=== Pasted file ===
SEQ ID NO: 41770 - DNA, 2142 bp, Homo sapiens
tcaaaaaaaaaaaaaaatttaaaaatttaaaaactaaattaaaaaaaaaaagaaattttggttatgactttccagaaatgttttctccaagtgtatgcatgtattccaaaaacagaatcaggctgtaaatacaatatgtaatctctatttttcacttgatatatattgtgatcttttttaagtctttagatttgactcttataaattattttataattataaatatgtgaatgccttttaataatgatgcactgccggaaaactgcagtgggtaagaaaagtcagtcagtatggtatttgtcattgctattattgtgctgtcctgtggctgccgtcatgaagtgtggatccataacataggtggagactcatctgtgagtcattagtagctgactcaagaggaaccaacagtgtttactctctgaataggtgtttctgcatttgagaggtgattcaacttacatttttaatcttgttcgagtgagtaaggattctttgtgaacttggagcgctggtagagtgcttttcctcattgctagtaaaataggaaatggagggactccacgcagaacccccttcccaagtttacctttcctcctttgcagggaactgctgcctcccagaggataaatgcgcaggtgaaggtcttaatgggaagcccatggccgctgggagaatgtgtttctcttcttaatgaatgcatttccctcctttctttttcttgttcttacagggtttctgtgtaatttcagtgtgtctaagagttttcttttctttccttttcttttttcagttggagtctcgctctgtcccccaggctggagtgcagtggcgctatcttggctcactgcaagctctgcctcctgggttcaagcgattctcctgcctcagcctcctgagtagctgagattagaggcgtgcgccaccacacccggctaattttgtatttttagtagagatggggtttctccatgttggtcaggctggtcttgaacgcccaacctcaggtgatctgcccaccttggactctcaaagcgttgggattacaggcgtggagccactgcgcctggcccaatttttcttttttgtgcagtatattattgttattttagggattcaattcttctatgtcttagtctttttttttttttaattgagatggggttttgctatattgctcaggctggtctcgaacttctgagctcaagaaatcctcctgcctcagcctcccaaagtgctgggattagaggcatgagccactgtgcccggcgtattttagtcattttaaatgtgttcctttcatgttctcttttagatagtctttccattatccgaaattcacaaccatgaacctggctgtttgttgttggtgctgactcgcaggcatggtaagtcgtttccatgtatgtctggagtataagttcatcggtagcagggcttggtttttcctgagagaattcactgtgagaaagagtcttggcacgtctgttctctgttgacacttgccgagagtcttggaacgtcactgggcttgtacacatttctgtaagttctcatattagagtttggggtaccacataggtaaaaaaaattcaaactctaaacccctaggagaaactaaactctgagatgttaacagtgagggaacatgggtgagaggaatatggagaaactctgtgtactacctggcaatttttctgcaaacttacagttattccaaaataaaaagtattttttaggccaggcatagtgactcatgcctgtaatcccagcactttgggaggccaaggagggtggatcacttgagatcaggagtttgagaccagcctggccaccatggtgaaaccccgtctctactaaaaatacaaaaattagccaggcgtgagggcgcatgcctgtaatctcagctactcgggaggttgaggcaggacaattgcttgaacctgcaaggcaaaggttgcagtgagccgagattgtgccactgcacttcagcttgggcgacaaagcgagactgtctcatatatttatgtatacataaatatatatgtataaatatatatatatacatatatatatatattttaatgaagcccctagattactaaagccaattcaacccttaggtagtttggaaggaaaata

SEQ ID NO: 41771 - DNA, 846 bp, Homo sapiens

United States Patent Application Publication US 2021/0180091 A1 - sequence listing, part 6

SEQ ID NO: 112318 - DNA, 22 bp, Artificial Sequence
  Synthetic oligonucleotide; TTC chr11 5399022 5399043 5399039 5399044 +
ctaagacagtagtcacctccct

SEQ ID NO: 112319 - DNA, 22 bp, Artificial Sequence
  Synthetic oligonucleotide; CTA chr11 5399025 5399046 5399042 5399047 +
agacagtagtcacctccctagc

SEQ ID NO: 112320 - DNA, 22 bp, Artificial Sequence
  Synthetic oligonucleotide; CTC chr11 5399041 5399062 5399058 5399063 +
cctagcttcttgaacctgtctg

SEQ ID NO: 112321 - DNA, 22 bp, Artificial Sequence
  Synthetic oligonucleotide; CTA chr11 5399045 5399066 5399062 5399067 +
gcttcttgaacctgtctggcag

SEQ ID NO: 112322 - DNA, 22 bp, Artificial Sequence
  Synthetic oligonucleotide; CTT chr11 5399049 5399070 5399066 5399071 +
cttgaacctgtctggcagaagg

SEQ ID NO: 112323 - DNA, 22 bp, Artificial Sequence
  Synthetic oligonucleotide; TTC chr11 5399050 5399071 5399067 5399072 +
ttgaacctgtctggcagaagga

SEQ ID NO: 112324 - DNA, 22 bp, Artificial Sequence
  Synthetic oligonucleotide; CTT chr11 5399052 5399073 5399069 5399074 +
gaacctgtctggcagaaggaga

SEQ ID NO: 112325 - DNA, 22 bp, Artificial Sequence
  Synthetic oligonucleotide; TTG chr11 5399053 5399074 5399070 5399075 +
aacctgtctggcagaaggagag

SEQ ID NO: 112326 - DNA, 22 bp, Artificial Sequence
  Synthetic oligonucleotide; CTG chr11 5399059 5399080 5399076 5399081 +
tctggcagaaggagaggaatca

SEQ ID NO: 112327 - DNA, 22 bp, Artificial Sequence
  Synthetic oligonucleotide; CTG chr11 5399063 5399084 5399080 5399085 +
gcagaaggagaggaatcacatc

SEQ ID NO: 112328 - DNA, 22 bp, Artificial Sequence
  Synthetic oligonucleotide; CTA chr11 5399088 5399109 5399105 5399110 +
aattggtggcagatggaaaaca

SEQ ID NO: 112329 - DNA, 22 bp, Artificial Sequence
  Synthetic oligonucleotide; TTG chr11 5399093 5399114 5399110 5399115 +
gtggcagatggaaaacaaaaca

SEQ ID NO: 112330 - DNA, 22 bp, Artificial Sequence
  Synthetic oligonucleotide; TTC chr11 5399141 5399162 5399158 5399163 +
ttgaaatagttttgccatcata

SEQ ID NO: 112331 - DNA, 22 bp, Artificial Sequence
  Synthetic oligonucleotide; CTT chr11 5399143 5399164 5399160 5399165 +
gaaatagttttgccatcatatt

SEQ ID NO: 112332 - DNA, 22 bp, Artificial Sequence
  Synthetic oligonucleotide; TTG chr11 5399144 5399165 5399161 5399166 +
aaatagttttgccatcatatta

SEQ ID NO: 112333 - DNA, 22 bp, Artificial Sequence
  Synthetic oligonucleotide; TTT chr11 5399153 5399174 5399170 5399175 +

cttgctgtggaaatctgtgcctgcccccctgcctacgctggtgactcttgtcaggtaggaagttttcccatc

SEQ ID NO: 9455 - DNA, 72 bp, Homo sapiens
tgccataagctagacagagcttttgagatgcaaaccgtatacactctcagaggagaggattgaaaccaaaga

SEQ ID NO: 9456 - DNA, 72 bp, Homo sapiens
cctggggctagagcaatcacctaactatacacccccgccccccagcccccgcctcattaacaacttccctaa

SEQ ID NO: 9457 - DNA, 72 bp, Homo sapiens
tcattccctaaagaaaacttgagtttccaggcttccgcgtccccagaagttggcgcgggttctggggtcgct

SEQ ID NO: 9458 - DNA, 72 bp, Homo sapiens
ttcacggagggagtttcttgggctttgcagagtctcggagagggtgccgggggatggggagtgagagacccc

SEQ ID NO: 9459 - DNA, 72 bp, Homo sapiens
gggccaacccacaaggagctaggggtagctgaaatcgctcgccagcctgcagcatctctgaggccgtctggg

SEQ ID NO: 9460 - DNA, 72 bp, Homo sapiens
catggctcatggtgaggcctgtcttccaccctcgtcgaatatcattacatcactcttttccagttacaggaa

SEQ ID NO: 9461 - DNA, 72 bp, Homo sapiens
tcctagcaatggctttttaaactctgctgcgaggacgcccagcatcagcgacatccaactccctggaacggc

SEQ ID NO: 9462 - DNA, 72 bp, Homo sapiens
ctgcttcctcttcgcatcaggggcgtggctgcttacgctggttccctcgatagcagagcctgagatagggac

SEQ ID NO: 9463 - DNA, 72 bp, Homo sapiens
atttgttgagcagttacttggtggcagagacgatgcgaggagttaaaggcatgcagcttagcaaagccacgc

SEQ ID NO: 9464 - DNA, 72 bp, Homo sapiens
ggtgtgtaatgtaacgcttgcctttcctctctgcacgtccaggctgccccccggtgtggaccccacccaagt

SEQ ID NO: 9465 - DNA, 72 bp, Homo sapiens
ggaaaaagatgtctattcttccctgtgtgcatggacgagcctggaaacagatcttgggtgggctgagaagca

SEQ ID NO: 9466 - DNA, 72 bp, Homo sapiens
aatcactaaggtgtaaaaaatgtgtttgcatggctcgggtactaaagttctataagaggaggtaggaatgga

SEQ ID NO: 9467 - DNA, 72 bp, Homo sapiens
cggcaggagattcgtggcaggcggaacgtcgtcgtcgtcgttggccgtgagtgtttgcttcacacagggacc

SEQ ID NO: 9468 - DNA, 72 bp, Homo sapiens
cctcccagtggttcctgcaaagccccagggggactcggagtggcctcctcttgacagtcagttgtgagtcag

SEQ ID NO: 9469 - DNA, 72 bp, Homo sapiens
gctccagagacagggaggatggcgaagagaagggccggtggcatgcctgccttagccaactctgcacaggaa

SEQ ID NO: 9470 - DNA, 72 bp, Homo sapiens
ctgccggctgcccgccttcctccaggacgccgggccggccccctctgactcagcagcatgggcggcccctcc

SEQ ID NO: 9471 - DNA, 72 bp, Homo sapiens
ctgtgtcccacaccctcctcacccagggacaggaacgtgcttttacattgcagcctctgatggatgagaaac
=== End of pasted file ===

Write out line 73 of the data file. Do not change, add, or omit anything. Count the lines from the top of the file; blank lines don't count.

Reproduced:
SEQ ID NO: 9465 - DNA, 72 bp, Homo sapiens